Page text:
|281 Stoney Creek School Road|
North Carolina USA
|Cemetery notes and/or description:|
From Caswell County Historical Assn. on Facebook:
Locust Hill United Methodist Church is celebrating its 125th anniversary this year. Mrs. Lelia Williamson (1889-1976), a charter member, wrote a history for The Caswell Messenger in 1935:
Rev. Rowe was a Methodist circuit rider who, after the death of his wife, decided to go back to is native home in Missouri. He left a deed to Dr. James Williamson for one acre of land, which he owned near the Bethesda Presbyterian Church (at the time called Jack's Fork) to be used as a site upon which to build a Methodist church. In 1884, a group of Methodists living in Locust Hill, to whom the property was given, decided this was not the proper location for a church. After cutting off the timber on the land, they sold the lot to Stephen Siddle for $100. This money was used to buy materials for the new Locust Hill Church. Sunday School was then being held in the old Stephen Neal storehouse, which was owned by J. B. Worsham (and later by Herbert White in 1946). There was a large oak tree under which an arbor was erected, and slabs brought in to make seats.
Rev. V. A. Sharp, pastor of the Yanceyville Circuit, conducted a meeting, during which it was decided to erect a church. Sharp preached until the church was completed. Dr. Grandison gave the present site, but failed to present the title before his death. Mr. and Mrs. Charles J. Yarbrough later came into possession of the property, and gave the Methodists a deed for three acres. Aurelius Turner gave some poplar trees to make into seats, but they were so large they had to be quartered to fit into the mill. These benches were later sold, and replaced with new ones from Snow Lumber Co. in High Point. The Turners, Worshams, Williamsons, and Graves contributed money, labor and material. Billy Fitzgerald, Wess Piper, Dick Blackwell, and William Reagan were the carpenters who erected the building, but it was several years later before the inside was completed. On Dec. 6, 1887, Rev. L. E. Thompson was sent as pastor to the Yanceyville Charge, and became the first pastor of Locust Hill Methodist Episcopal Church South. Locust Hill was for many years on the Yanceyville Circuit, with ministers serving five churches, Bethel, Locust Hill, Shady Grove, Prospect, and Yanceyville.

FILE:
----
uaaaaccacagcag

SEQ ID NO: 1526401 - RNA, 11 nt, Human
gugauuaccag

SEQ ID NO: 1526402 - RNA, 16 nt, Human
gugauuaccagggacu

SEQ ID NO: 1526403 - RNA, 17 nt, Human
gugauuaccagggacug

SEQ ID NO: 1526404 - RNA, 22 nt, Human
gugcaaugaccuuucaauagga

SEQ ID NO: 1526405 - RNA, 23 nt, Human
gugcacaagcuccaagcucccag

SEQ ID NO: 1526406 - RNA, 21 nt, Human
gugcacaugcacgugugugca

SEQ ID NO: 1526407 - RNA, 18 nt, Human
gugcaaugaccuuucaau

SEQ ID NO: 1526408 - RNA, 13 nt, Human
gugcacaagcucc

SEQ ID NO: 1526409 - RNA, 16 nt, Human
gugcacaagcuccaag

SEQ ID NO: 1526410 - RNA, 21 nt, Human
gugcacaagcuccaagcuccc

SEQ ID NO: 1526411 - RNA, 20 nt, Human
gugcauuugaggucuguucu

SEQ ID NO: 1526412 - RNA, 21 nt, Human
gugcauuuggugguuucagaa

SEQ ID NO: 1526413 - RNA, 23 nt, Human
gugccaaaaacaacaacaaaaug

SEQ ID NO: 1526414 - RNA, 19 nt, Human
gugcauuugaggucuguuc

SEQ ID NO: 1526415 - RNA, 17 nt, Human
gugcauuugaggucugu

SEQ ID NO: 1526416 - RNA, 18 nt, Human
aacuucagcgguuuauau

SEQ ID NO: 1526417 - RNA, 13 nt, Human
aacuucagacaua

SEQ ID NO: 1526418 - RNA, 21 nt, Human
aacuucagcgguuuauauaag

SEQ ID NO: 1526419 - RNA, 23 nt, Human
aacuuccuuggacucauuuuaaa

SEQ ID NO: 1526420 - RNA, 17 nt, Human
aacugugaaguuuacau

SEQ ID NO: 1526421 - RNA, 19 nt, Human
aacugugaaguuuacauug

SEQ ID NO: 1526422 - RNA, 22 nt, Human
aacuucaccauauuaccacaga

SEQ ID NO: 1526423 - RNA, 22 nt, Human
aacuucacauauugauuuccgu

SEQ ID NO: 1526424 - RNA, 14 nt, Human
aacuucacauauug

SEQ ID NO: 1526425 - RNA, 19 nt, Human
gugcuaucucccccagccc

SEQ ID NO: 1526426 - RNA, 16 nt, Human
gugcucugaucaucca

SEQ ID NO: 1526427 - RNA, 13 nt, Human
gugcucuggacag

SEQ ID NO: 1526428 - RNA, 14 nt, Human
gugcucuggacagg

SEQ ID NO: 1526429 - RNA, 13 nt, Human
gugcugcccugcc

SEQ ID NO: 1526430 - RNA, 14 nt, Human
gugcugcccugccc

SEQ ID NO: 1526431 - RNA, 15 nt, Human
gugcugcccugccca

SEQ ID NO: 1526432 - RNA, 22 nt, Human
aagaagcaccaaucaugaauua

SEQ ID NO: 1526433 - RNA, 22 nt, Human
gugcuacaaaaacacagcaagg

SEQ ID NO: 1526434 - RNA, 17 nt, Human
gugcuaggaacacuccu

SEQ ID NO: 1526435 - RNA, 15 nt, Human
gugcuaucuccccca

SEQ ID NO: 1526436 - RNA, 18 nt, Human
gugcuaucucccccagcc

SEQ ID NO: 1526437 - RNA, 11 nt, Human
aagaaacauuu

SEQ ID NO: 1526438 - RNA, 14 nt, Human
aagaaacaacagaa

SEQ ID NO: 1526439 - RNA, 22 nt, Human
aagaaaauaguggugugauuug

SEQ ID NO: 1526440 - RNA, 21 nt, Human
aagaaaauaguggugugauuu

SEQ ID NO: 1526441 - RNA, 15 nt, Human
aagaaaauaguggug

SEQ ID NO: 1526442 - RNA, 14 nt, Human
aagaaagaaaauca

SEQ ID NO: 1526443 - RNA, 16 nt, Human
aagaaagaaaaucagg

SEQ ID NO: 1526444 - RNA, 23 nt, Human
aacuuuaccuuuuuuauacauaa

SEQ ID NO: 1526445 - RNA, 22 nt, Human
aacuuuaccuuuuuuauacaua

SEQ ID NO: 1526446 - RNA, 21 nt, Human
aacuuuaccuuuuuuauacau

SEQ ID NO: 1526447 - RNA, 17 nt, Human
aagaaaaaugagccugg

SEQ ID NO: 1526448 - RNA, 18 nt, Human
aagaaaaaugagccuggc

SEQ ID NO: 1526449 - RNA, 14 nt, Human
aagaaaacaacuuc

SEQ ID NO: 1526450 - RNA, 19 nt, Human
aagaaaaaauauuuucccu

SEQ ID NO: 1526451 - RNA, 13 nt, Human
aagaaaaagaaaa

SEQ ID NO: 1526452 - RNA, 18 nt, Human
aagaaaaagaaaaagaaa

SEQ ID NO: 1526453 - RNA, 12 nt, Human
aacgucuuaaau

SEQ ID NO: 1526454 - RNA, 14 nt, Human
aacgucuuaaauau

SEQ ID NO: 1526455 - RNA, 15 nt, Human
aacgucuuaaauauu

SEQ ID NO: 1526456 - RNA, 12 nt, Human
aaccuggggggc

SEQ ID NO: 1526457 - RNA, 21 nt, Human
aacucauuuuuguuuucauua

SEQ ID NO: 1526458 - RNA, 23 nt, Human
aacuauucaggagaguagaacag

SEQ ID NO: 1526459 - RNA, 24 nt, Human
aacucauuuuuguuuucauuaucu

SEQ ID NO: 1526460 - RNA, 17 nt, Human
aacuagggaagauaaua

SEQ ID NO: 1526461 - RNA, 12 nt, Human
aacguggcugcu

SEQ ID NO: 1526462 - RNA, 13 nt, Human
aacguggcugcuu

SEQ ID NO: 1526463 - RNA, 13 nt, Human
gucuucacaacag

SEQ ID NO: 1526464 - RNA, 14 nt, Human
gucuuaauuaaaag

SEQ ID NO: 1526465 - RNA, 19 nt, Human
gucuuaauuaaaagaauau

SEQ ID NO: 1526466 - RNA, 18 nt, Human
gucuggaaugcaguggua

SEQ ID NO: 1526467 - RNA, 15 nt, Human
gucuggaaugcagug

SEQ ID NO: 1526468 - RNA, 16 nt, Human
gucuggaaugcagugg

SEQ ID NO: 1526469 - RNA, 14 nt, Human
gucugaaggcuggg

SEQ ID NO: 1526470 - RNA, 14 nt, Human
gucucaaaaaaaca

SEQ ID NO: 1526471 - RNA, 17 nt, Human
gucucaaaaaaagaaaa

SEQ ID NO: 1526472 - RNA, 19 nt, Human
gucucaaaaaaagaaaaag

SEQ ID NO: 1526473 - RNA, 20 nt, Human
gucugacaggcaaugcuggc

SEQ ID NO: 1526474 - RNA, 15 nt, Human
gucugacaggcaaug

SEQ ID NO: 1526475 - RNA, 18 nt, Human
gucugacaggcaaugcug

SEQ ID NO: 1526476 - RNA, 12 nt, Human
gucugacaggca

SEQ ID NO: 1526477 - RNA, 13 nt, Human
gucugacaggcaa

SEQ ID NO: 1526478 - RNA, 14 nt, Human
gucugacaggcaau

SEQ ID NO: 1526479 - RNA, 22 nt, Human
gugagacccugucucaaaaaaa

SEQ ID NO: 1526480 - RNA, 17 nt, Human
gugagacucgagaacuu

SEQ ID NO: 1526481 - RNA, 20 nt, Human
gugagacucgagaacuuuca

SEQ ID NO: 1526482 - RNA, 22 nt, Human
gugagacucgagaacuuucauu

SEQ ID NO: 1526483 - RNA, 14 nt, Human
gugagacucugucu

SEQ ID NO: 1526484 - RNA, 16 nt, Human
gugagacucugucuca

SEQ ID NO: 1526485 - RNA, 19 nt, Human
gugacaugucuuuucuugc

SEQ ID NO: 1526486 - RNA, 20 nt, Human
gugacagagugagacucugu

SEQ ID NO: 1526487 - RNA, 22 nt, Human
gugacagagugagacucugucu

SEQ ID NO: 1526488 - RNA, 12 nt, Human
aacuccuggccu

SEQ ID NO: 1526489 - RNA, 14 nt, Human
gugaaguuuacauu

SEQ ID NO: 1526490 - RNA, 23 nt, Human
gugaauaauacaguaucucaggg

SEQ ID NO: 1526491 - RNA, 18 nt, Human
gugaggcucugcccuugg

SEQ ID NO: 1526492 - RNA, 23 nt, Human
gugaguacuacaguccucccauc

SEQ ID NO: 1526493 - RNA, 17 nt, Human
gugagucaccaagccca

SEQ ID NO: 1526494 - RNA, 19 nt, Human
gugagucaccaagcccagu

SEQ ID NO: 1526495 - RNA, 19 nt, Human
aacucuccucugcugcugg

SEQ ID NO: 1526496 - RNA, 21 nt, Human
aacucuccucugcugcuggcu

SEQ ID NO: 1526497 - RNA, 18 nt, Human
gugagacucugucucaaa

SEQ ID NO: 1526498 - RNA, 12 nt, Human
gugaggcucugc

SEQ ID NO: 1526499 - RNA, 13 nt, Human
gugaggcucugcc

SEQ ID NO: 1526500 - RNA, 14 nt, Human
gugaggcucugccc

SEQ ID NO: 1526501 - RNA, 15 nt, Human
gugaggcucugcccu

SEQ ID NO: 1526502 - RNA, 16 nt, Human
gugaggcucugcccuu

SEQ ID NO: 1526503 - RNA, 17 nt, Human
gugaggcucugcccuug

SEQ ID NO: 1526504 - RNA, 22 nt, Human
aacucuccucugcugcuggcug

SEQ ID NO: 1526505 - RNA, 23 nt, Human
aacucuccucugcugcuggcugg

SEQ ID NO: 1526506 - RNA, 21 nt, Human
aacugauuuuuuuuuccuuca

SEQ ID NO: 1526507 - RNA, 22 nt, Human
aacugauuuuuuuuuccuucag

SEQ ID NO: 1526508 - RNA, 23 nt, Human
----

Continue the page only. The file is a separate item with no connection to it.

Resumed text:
While there is some question about the names of the charter members of the church in 1887, Lelia Williamson said there were less than 20, including: Annie Brown, Mary B. Gwynn, Isabella Graves, George O. Graves, Molie W. Johnson (Craig), Marcus A. Turner, Mary A. Turner, Lelia Williamson, Martha Williamson, Betty Turner Gibbons, Jessie M. Yarbrough, John F. Manley, Thomas D. Worsham, and Laura V. Worsham.
Courtesy The Caswell Messenger (Yanceyville, North Carolina) 6 July 2011.